Putting Teeth In Kickback Prohibitions
RESPA has always prohibited kickback schemes. Specifically, RESPA explains that ”No person shall give and no person shall accept any fee, kickback, or thing of value pursuant to any agreement or understanding, oral or otherwise, that business incident to or a part of a real estate settlement service involving a federally related mortgage loan shall be referred to any person.” 12 U.S.C.A. § 2607 (West). But figuring out where the line is between legitimate salesmanship and illegal kickbacks has always been a gray area and RESPA enforcement has always been a tad lax.
Yesterday provided examples of how RESPA says what it means and means what it says. The Bureau That Never Sleeps and the Maryland AG sued originators over an alleged referral kickback scheme (http://www.consumerfinance.gov/newsroom/cfpb-and-state-of-maryland-take-action-against-pay-to-play-mortgage-kickback-scheme/). Closer to home, Governor Cuomo and New York’s Department of Financial Services proposed tough new regulations that would, among other things, prohibit title insurance companies from providing meals and entertainment expenses to loan originators (http://www.dfs.ny.gov/insurance/r_prop/rp208t.pdf).
First, let’s talk about the RESPA violation. The CFPB and the Maryland AG are suing Genuine Title, a now defunct Maryland company that offered closing services. It’s alleged that the company provided loan officers with marketing services “including purchasing, analyzing, and providing data on consumers, and creating letters with the loan officers’ contact information” and that in return, the loan officers would refer homebuyers to Genuine Title.
RESPA stands for the simple proposition that you can’t get something for nothing. If an originator is getting a fee for doing nothing more than referring business, then something is wrong.
As for New York State, it is moving to clamp down hard on title insurance practices that it believes drive up the cost of title insurance and limit consumer choice. The Governor doesn’t always get quoted in DFS press releases. Here is an indication of how strongly the administration feels about the amount of gift giving going on in the title insurance industry.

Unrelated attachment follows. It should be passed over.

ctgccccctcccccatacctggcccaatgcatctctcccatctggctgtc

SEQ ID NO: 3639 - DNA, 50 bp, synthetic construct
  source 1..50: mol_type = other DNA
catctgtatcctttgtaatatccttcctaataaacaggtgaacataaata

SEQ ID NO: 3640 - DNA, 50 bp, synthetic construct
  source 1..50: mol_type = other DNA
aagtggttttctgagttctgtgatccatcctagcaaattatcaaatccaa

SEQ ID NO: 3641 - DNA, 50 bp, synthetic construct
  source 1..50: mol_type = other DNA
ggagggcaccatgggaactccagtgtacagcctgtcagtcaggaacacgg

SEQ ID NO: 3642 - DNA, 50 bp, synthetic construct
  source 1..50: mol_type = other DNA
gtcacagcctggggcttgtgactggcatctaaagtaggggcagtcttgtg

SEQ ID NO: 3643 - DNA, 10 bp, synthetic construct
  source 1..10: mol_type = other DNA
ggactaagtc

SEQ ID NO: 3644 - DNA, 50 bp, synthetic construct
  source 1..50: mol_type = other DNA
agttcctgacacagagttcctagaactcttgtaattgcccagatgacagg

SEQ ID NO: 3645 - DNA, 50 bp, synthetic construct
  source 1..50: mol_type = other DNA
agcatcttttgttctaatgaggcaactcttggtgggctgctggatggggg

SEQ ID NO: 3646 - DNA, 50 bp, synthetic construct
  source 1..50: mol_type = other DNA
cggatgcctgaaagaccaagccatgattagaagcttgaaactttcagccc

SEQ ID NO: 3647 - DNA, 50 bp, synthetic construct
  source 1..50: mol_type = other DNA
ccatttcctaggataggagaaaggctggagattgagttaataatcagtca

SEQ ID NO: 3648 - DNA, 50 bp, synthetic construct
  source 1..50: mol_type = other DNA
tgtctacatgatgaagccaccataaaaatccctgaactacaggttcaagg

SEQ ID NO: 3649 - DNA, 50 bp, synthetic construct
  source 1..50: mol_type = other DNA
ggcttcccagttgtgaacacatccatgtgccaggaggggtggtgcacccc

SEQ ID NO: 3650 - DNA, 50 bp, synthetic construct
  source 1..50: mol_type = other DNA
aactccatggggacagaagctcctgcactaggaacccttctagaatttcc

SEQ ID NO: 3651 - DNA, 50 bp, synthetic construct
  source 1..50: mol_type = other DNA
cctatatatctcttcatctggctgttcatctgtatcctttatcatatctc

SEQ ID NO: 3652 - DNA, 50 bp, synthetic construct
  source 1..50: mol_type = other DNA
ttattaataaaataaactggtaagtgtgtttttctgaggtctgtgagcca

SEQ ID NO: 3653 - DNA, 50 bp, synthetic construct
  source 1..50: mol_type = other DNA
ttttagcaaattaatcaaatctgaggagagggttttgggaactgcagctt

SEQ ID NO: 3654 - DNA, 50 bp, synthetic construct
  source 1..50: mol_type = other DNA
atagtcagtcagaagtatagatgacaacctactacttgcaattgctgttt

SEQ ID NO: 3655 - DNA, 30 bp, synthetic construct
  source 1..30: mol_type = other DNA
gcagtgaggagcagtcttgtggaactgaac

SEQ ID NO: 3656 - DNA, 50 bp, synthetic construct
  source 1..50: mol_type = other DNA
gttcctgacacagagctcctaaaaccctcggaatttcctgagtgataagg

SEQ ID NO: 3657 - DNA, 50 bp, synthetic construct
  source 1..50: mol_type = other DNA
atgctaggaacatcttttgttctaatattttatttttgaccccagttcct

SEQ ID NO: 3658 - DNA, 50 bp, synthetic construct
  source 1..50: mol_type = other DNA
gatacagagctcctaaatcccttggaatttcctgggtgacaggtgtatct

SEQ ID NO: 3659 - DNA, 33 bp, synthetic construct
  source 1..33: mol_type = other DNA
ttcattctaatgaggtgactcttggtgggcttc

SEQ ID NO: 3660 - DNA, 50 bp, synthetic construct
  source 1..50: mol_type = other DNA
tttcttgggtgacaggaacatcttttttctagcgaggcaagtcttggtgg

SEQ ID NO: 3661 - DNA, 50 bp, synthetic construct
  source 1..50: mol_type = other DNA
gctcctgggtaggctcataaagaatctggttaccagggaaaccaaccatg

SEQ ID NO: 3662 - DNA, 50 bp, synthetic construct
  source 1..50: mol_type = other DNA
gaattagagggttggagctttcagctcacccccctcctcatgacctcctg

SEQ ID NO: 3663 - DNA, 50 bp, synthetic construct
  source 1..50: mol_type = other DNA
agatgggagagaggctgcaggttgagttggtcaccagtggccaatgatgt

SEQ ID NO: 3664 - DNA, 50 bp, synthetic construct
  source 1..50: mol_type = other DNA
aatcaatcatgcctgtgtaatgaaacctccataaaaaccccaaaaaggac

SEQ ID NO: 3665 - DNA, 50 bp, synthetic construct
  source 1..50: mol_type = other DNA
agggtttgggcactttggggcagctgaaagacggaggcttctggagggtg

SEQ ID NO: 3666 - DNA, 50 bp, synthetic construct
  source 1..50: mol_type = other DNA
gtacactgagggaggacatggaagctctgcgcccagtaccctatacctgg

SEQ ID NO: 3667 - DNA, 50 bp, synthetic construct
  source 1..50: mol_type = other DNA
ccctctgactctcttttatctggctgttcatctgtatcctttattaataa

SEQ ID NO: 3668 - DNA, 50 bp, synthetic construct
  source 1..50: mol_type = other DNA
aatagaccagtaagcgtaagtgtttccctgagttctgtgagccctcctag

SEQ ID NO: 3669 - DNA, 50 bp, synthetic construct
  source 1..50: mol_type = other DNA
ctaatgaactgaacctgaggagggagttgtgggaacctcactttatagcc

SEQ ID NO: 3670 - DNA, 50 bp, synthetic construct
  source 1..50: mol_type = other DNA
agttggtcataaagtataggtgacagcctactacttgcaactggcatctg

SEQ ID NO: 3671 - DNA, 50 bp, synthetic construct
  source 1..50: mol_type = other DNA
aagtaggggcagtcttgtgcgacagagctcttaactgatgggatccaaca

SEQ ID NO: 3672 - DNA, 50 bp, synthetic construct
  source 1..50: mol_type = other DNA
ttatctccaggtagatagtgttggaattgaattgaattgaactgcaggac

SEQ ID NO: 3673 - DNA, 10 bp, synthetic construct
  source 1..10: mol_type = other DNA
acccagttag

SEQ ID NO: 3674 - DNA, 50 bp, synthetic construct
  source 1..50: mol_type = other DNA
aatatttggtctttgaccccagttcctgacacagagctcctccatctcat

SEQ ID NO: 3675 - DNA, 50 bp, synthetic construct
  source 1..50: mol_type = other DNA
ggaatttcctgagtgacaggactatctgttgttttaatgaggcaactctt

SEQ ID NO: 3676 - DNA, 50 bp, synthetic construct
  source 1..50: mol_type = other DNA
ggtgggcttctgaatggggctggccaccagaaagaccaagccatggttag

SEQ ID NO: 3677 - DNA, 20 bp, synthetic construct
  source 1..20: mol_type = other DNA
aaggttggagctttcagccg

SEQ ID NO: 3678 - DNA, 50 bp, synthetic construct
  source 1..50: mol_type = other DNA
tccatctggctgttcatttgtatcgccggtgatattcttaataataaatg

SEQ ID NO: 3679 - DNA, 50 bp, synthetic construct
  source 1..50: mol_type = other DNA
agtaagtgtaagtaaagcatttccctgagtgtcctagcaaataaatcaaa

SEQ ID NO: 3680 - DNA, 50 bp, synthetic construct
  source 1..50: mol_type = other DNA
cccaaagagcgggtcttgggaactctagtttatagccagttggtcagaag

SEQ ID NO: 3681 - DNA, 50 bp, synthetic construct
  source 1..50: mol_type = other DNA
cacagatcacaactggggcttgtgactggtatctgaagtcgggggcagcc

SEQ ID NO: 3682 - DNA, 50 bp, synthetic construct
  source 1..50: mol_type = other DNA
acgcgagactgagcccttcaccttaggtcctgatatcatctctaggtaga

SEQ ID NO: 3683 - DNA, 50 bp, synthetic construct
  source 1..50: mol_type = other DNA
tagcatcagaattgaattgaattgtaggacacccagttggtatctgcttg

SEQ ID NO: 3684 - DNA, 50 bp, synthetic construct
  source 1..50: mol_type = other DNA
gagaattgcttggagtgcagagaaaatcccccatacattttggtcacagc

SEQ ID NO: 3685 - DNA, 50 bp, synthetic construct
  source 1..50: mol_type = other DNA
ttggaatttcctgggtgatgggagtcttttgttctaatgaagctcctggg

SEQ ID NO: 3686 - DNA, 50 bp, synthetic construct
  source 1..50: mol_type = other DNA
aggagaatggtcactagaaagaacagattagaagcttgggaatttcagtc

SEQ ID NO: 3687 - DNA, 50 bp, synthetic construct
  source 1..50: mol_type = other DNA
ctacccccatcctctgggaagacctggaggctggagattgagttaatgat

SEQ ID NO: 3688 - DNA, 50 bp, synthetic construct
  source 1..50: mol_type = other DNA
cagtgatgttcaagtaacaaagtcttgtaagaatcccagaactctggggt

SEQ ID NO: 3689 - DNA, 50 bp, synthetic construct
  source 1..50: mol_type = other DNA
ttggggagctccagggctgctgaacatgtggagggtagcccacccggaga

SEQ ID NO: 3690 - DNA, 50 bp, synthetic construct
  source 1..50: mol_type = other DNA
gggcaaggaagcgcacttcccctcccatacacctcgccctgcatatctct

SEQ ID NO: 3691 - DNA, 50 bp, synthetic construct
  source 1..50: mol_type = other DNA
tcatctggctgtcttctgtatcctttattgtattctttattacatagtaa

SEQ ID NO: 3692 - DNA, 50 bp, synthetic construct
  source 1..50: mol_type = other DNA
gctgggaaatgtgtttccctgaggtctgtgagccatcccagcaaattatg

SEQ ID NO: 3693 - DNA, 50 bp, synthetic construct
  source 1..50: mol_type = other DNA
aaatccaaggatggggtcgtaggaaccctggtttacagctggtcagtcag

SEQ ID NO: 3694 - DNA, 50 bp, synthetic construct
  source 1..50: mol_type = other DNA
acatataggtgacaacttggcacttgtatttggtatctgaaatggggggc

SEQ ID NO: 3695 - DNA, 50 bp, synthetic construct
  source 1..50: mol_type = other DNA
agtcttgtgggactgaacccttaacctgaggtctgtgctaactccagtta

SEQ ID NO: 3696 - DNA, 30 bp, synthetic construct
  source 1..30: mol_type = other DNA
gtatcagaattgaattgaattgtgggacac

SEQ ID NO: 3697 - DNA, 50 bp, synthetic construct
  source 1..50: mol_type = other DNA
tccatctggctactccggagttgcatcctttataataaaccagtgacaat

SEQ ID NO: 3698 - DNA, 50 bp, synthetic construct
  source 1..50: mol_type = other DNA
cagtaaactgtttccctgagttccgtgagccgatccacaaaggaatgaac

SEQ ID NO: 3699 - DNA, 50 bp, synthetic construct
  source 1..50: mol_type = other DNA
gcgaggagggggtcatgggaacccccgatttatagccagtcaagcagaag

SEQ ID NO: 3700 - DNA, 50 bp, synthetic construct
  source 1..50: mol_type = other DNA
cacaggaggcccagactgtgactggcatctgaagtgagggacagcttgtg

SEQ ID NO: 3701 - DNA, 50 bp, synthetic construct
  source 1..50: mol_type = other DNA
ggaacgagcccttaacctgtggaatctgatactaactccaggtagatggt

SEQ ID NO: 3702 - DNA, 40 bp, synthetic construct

“New Yorkers should not have to foot the bill for outrageous or improper expenses made by title companies just to refinance or close on their home,” Governor Cuomo said. “Our administration will not stand for that kind of abuse in the title insurance industry, and these new regulations will help ensure that New Yorkers are protected from unfair charges and get the most bang for their buck.”
The proposed regulations would prohibit title insurers from offering inducements to get business including: meals and beverages; entertainment, including tickets to sporting events, concerts, shows, or artistic performances; gifts, including cash, gift cards, gift certificates, or other items with a specific monetary face value; travel and outings, including vacations, holidays, golf, ski, fishing, and other sport outings; gambling trips, shopping trips, or trips to recreational areas, including country clubs; parties, including cocktail parties and holiday parties and open houses. THIS IS NOT THE COMPLETE LIST
Suffice it to say it’s about to get a lot less fun dealing with title insurers in NYS.
Here is a link to the proposal: http://www.dfs.ny.gov/insurance/r_prop/rp208t.pdf
NCUA Board meeting today
Here is a quick reminder that the NCUA is having a board meeting today. Among the issues on the agenda are a vote on a final rule amending common bond requirements for associations and proposed regulations for IOLTA accounts. Remember that federal law now authorizes credit unions to open up Interest on Lawyer Trust Accounts. The regulation will presumably describe what accounts are similar enough to IOLTAs that they can also be offered by credit unions.
It was nice seeing so many of you at the State GAC over the last couple of days. Great job!